The Sprightly Civil Servant: Norman McLaren at the National Film Board of Canada
The Criterion Collection
There’s an entire realm of children’s entertainment that survives mostly on the margins of collective consciousness. The average person is unlikely to know Michael Sporn’s name, but if they are of a certain age, they almost certainly have seen at least one of his animated short films, and there’s even a chance they still hold such a film close to their heart. Of the more than forty shorts Sporn directed in his four decades as an animator, little more than a dozen are currently available on legal streaming services in the U.S. And in a time of an overwhelming number of choices for “content,” quiet works like this are unlikely to stand out. These films were made for public or specialty television, to be caught on a lazy morning or endlessly rewatched on a VHS your parents bought you without much thought. They demonstrate a sensibility of art for children that’s nearly alien in the modern age, one that takes both the “for children” and “art” parts seriously.
Sporn entered the business in the early seventies, a bleak time for American animation. The golden age passed as television supplanted theaters as the main venue for animated shorts. The original Looney Tunes series had recently ceased production. Walt Disney was dead, and his studio was floundering; it would be decades before cunning merchandising and a back-to-basics approach returned the company to the top of the game. It was in this climate that a young Sporn, about to leave the Navy, sent an inquiring letter to legendary Disney animator Ward Kimball and got a response advising him to “go into something more lucrative, like dairy farming.” Ignoring this, Sporn went to work for former Disney and UPA artist John Hubley (known for creating Mr. Magoo and acting as supervising director on the seminal 1950 short Gerald McBoing-Boing). He built his chops working on films like Richard Williams’s Raggedy Ann & Andy and A Doonesbury Special, ultimately founding his own studio, Michael Sporn Animation, in 1980. From then until his death in 2014, Sporn would work with Scholastic, various PBS stations, HBO, and many other partners to produce a variety of animated shorts.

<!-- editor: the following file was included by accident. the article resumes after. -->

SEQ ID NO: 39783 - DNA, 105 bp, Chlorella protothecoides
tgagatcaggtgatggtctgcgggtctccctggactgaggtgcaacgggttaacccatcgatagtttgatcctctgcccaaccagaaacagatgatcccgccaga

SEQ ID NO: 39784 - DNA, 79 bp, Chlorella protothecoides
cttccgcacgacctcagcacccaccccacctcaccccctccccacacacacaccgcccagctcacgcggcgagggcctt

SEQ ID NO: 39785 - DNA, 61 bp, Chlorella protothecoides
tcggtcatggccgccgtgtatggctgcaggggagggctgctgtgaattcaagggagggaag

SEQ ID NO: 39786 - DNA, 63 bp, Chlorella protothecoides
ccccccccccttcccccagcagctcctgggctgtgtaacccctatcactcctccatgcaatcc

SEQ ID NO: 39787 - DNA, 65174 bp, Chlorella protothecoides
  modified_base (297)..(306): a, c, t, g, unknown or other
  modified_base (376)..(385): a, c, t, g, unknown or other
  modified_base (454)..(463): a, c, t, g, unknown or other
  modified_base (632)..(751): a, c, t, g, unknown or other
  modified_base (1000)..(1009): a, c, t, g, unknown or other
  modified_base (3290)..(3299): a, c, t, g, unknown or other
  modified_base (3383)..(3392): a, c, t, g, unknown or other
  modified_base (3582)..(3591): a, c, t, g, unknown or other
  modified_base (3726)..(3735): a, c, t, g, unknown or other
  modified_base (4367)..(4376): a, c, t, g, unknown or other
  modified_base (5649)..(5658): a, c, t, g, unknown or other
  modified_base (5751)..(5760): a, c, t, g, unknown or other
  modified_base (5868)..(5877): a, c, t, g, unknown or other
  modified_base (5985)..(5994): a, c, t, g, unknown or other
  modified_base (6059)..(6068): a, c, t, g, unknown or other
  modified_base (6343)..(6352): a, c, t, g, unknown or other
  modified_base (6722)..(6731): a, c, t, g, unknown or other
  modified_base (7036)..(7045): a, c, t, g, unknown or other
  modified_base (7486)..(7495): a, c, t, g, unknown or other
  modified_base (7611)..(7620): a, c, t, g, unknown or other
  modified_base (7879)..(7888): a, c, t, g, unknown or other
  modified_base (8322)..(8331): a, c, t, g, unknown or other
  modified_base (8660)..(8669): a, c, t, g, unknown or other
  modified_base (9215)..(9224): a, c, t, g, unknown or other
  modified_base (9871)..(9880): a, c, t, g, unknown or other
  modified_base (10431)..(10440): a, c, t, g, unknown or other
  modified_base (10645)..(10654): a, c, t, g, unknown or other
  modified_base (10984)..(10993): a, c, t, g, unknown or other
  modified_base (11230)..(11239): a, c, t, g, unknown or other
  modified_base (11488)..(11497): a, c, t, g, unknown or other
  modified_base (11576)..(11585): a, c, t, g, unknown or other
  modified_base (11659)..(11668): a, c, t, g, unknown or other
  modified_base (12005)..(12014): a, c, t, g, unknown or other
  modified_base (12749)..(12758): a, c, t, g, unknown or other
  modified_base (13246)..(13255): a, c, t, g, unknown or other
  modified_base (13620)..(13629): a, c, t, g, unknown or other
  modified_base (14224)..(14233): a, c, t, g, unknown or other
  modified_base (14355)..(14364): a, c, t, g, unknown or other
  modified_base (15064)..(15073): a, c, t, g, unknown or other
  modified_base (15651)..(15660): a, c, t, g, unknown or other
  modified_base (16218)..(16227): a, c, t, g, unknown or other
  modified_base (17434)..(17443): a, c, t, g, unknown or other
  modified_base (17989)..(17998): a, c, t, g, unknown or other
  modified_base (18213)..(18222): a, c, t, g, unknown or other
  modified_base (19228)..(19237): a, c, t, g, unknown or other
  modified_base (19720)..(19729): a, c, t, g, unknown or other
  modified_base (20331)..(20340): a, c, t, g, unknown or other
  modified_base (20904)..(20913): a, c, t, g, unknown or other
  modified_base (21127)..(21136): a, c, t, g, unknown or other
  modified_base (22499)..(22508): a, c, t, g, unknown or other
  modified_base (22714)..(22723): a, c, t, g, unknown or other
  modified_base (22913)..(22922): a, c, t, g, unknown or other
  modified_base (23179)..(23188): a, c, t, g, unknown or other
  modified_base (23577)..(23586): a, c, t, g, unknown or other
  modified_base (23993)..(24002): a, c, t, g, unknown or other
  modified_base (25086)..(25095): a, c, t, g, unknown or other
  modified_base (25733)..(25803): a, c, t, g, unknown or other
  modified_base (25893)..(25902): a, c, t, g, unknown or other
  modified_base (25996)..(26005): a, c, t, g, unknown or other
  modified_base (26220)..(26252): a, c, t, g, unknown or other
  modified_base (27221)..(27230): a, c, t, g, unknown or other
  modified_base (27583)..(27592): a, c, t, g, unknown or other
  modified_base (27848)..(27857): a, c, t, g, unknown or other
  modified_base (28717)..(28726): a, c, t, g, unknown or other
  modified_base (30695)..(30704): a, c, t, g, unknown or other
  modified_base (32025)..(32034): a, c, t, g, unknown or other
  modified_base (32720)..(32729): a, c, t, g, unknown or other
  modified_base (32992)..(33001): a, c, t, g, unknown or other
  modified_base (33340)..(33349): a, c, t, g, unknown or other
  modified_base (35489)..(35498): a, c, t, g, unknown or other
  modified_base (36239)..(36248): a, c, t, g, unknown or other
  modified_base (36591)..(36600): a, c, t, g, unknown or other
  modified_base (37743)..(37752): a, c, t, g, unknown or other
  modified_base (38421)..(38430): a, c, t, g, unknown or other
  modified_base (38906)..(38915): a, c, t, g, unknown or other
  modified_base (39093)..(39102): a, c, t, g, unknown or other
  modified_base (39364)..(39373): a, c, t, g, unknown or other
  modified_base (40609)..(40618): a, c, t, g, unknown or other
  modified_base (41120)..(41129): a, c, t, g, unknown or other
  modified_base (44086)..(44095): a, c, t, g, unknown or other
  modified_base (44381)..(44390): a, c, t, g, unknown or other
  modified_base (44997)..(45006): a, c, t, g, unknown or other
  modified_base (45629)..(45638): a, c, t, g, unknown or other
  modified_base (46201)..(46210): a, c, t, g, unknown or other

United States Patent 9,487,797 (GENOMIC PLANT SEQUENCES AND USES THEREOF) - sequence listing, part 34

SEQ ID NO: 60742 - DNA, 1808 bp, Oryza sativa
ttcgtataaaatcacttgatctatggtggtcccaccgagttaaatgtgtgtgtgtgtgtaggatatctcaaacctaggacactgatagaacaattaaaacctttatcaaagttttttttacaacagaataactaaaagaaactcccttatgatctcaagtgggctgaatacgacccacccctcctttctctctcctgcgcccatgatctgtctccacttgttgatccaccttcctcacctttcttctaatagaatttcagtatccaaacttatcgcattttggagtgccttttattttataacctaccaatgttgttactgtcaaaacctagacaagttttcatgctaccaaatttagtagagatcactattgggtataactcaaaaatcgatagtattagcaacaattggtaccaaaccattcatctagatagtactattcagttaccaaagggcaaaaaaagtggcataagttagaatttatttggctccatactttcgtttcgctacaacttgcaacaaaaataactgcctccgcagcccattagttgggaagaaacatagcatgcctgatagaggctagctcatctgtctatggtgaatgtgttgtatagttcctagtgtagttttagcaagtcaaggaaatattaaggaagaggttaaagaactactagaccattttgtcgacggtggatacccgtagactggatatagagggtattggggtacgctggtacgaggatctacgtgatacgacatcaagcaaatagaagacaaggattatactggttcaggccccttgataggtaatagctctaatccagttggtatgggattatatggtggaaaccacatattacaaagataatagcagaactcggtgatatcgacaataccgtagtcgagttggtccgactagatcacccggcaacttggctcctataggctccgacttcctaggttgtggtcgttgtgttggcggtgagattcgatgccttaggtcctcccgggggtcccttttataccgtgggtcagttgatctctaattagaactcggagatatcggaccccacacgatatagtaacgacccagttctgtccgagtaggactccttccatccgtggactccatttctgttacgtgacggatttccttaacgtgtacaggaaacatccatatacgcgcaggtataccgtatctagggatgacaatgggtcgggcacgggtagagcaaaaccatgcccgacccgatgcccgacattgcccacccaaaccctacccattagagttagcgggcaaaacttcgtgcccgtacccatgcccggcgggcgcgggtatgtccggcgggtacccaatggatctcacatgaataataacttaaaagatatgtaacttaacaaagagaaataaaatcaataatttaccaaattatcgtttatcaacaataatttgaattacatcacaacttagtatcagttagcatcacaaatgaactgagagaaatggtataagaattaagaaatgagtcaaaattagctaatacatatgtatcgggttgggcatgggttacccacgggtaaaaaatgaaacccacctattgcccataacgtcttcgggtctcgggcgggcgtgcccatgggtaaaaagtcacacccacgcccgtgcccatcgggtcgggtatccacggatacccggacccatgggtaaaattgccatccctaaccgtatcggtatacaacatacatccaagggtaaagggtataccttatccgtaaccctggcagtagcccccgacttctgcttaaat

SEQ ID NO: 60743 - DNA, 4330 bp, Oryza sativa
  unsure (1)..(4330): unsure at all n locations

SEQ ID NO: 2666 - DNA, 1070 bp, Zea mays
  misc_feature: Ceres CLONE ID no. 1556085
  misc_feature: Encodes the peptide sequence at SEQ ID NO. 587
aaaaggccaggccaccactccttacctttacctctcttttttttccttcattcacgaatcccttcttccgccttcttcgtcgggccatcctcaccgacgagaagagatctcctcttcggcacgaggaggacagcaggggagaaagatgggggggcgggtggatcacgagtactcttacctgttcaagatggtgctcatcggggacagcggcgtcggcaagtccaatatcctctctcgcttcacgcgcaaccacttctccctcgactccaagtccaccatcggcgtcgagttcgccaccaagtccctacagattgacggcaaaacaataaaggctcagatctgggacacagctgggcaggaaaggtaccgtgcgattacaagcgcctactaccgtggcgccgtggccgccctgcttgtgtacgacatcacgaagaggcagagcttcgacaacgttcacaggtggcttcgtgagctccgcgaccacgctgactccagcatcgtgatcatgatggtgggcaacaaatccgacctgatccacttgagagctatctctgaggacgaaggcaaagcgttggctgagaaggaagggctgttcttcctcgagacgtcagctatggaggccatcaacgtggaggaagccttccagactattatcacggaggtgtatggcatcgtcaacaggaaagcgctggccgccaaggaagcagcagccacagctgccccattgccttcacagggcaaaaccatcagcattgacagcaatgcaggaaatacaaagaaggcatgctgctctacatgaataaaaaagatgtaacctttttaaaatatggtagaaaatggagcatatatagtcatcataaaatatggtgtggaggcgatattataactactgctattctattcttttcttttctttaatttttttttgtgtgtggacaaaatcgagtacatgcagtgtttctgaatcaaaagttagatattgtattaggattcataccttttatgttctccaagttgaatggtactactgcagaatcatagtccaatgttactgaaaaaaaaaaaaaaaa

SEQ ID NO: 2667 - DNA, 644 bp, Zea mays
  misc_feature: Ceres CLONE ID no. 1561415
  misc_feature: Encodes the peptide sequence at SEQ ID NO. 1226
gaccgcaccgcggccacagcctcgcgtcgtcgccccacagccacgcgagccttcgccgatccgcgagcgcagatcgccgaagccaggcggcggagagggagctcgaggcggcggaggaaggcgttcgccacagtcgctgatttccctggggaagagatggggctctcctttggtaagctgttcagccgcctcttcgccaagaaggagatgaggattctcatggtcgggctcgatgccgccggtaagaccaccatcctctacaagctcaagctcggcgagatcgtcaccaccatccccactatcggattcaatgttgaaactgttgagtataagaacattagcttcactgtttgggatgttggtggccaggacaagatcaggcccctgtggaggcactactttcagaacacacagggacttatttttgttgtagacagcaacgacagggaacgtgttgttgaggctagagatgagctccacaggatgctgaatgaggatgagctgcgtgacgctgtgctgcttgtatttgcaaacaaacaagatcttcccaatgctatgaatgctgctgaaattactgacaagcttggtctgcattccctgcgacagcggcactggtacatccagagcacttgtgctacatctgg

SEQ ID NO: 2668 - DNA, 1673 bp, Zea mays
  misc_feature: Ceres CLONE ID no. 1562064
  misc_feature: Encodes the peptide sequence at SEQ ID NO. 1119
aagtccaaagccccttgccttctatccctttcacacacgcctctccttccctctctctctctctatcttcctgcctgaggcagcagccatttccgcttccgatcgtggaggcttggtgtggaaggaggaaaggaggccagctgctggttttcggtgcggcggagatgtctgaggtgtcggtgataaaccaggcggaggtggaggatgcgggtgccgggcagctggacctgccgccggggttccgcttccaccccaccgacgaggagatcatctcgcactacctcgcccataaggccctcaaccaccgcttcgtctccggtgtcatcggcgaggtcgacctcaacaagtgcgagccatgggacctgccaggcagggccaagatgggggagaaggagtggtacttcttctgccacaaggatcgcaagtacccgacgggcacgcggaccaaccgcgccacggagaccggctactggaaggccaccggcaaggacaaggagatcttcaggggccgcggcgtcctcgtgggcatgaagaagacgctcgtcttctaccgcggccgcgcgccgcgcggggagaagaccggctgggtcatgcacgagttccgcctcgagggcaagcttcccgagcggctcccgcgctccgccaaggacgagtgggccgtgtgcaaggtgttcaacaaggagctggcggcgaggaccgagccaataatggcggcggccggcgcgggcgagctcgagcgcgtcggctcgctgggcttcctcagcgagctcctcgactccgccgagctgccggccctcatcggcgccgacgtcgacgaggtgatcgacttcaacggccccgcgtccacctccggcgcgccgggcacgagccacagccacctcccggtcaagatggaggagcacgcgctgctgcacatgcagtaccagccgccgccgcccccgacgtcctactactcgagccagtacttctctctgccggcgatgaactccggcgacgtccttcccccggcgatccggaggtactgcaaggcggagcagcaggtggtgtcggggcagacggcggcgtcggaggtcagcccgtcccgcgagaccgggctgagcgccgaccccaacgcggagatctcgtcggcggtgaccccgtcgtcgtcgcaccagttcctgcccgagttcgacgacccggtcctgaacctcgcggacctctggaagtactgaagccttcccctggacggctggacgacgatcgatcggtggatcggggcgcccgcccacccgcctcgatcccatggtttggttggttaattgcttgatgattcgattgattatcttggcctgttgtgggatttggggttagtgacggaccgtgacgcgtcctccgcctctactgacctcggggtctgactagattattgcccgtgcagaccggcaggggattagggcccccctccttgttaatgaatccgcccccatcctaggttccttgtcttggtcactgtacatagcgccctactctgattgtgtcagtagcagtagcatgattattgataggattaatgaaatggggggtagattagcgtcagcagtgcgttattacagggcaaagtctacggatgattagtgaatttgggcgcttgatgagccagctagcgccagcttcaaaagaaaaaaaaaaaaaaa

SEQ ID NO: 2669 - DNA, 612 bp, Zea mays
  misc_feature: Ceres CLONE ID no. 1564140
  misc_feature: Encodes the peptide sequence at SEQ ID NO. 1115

Even people who aren’t familiar with Sporn might feel nostalgic when reading descriptions of his work. In the Oscar-nominated Doctor DeSoto, a mouse dentist must figure out how to treat a fox patient without getting eaten. In Mike Mulligan and His Steam Shovel, the eponymous workman tries to prove his old-fashioned coal-powered excavator still has what it takes by digging an enormous cellar in a single day. The Man Who Walked Between the Towers tells the true story of Philippe Petit’s 1974 high-wire walk between the towers of the World Trade Center. Sporn adapted many of these shorts from children’s books as part of anthologies like HBO Storybook Musicals or for specialty production houses like Weston Woods.
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